U.S. SUPREME COURT RULES IN FAVOUR OF ‘DREAM­ERS’

Calgary Herald - - NP - LAWRENCE HUR­LEY

WASH­ING­TON • The U.S.

Supreme Court on Thurs­day dealt Pres­i­dent Don­ald Trump a ma­jor set­back on his hard­line im­mi­gra­tion poli­cies, block­ing his bid to end a pro­gram that pro­tects from de­por­ta­tion hun­dreds of thou­sands of im­mi­grants — of­ten called “Dream­ers” — who en­tered the United

States il­le­gally as chil­dren.

In a 5-4 vote the top court up­held lower court rul­ings that found that Trump’s 2017 move to re­scind the De­ferred Ac­tion for Child­hood Ar­rivals (DACA) pro­gram, cre­ated in 2012 by his Demo­cratic pre­de­ces­sor Barack Obama, was un­law­ful.

Con­ser­va­tive Chief Jus­tice John Roberts joined the court’s four lib­er­als in find­ing that the ad­min­is­tra­tion’s ac­tions were “ar­bi­trary and capri­cious” un­der a fed­eral law called the Ad­min­is­tra­tive Pro­ce­dure Act.

The rul­ing means that the roughly 649,000 im­mi­grants, mostly young His­panic adults born in Mex­ico and other Latin Amer­i­can coun­tries, cur­rently en­rolled in DACA will re­main pro­tected from de­por­ta­tion and el­i­gi­ble to ob­tain re­new­able two-year work per­mits.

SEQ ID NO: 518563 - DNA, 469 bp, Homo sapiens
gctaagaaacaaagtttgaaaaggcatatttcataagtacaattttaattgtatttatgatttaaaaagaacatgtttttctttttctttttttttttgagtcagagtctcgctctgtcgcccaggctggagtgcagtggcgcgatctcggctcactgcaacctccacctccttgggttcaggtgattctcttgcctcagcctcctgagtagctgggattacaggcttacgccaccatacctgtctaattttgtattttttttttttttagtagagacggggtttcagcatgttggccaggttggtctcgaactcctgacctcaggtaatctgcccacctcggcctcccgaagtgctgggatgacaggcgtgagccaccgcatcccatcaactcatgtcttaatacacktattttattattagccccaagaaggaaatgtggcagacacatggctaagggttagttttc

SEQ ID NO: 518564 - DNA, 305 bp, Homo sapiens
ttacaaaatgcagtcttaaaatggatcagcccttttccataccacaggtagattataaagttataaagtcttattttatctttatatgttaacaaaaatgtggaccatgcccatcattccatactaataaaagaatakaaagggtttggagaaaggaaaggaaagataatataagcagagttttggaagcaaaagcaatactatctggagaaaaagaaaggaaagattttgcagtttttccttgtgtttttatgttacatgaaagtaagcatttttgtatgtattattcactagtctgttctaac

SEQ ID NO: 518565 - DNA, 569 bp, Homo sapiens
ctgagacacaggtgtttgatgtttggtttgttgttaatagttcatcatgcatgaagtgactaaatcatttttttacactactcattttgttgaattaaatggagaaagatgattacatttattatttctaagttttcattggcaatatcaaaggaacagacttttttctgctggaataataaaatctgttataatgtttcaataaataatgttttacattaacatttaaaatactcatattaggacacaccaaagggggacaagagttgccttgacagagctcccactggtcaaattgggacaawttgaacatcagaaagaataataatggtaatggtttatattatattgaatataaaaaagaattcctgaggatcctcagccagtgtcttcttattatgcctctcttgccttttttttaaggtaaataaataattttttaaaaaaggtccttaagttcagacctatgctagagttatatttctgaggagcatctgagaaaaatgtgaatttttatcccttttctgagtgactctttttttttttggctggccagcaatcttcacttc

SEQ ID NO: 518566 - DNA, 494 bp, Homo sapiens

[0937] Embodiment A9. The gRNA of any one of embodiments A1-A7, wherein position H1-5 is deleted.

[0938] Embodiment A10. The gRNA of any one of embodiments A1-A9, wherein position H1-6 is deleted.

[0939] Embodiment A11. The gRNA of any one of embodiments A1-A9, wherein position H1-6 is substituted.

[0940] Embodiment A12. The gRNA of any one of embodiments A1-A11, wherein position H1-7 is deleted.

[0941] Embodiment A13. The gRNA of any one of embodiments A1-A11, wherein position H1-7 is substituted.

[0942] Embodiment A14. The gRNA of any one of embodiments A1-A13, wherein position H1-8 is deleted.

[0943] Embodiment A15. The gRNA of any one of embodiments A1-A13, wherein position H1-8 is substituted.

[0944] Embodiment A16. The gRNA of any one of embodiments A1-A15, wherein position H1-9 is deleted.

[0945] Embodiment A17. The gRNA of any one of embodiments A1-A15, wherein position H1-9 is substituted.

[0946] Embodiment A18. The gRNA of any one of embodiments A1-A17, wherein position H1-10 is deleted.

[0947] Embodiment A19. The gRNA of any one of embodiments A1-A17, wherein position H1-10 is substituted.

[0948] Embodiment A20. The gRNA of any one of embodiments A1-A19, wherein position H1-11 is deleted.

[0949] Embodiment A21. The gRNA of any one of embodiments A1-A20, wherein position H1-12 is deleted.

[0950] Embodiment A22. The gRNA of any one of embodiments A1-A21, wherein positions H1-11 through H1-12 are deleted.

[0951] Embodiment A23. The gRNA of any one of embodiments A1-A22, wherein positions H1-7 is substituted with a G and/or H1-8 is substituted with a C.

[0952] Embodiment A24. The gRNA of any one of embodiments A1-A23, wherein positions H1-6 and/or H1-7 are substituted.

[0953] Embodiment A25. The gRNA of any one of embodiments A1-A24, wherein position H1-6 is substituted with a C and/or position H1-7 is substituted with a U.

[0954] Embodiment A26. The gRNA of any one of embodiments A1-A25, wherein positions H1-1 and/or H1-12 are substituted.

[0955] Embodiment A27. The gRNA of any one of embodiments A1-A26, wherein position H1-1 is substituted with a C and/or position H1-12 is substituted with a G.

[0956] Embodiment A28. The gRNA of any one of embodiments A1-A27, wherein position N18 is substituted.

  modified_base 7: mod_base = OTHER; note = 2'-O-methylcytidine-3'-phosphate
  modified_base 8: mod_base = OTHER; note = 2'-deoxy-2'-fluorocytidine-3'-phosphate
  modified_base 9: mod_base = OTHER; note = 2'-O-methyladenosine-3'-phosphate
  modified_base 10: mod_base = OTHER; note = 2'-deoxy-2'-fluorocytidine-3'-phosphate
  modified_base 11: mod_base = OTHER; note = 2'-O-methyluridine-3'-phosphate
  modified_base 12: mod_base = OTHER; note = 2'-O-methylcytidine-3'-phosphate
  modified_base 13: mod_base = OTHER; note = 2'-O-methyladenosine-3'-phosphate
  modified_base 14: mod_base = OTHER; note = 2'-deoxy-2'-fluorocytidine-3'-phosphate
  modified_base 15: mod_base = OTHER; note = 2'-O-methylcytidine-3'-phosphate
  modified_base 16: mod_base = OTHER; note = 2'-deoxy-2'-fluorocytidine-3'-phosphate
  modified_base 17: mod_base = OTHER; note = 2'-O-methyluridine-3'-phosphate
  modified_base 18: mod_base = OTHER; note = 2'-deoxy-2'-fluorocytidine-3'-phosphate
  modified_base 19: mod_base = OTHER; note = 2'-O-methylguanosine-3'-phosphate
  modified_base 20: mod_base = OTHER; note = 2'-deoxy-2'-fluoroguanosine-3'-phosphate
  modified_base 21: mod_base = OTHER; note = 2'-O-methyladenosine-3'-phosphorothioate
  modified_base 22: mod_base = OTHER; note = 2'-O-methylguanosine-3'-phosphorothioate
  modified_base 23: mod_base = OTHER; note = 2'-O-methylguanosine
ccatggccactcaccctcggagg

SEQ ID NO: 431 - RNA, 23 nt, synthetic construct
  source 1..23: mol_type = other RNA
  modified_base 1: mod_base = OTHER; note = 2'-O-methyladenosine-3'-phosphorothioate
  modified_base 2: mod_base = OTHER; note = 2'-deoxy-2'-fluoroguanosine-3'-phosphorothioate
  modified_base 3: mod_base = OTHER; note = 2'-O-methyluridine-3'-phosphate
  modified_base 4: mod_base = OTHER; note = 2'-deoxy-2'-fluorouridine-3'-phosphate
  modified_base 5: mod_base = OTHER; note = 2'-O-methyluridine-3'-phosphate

The rul­ing does not pre­vent Trump from try­ing again to end the pro­gram. But his ad­min­is­tra­tion is un­likely to be able to end DACA be­fore the Nov. 3 elec­tion.

“We do not de­cide whether DACA or its rescis­sion are sound poli­cies. We ad­dress only whether the agency com­plied with the pro­ce­dural re­quire­ment that it pro­vide a rea­soned ex­pla­na­tion for its ac­tion,” Roberts wrote.

The rul­ing marks the sec­ond time this week that Roberts has ruled against Trump in a ma­jor case fol­low­ing Mon­day’s de­ci­sion find­ing that gay and trans­gen­der work­ers are pro­tected un­der fed­eral em­ploy­ment law.

“These hor­ri­ble & po­lit­i­cally charged de­ci­sions com­ing out of the Supreme Court are shot­gun blasts into the face of peo­ple that are proud to call them­selves Repub­li­cans or Con­ser­va­tives,” Trump wrote on Twit­ter af­ter the DACA rul­ing.

The court’s four other con­ser­va­tives in­clud­ing two Trump ap­pointees, Neil Gor­such and Brett Ka­vanaugh, dis­sented. “To­day’s de­ci­sion must be rec­og­nized for what it is: an ef­fort to avoid a po­lit­i­cally con­tro­ver­sial but legally cor­rect de­ci­sion,” Jus­tice Clarence Thomas wrote in dis­sent.

Thomas, whose dis­sent was joined by Gor­such and Jus­tice Sa­muel Al­ito, said DACA it­self was “sub­stan­tively un­law­ful.”

Trump’s ad­min­is­tra­tion has ar­gued that Obama ex­ceeded his con­sti­tu­tional pow­ers when he cre­ated DACA by ex­ec­u­tive ac­tion, by­pass­ing Congress.

Af­ter Thurs­day’s rul­ing, Obama wrote on Twit­ter, “We may look dif­fer­ent and come from ev­ery­where, but what makes us Amer­i­can are our shared ideals.

Newspapers in English

Newspapers from Canada

© PressReader. All rights reserved.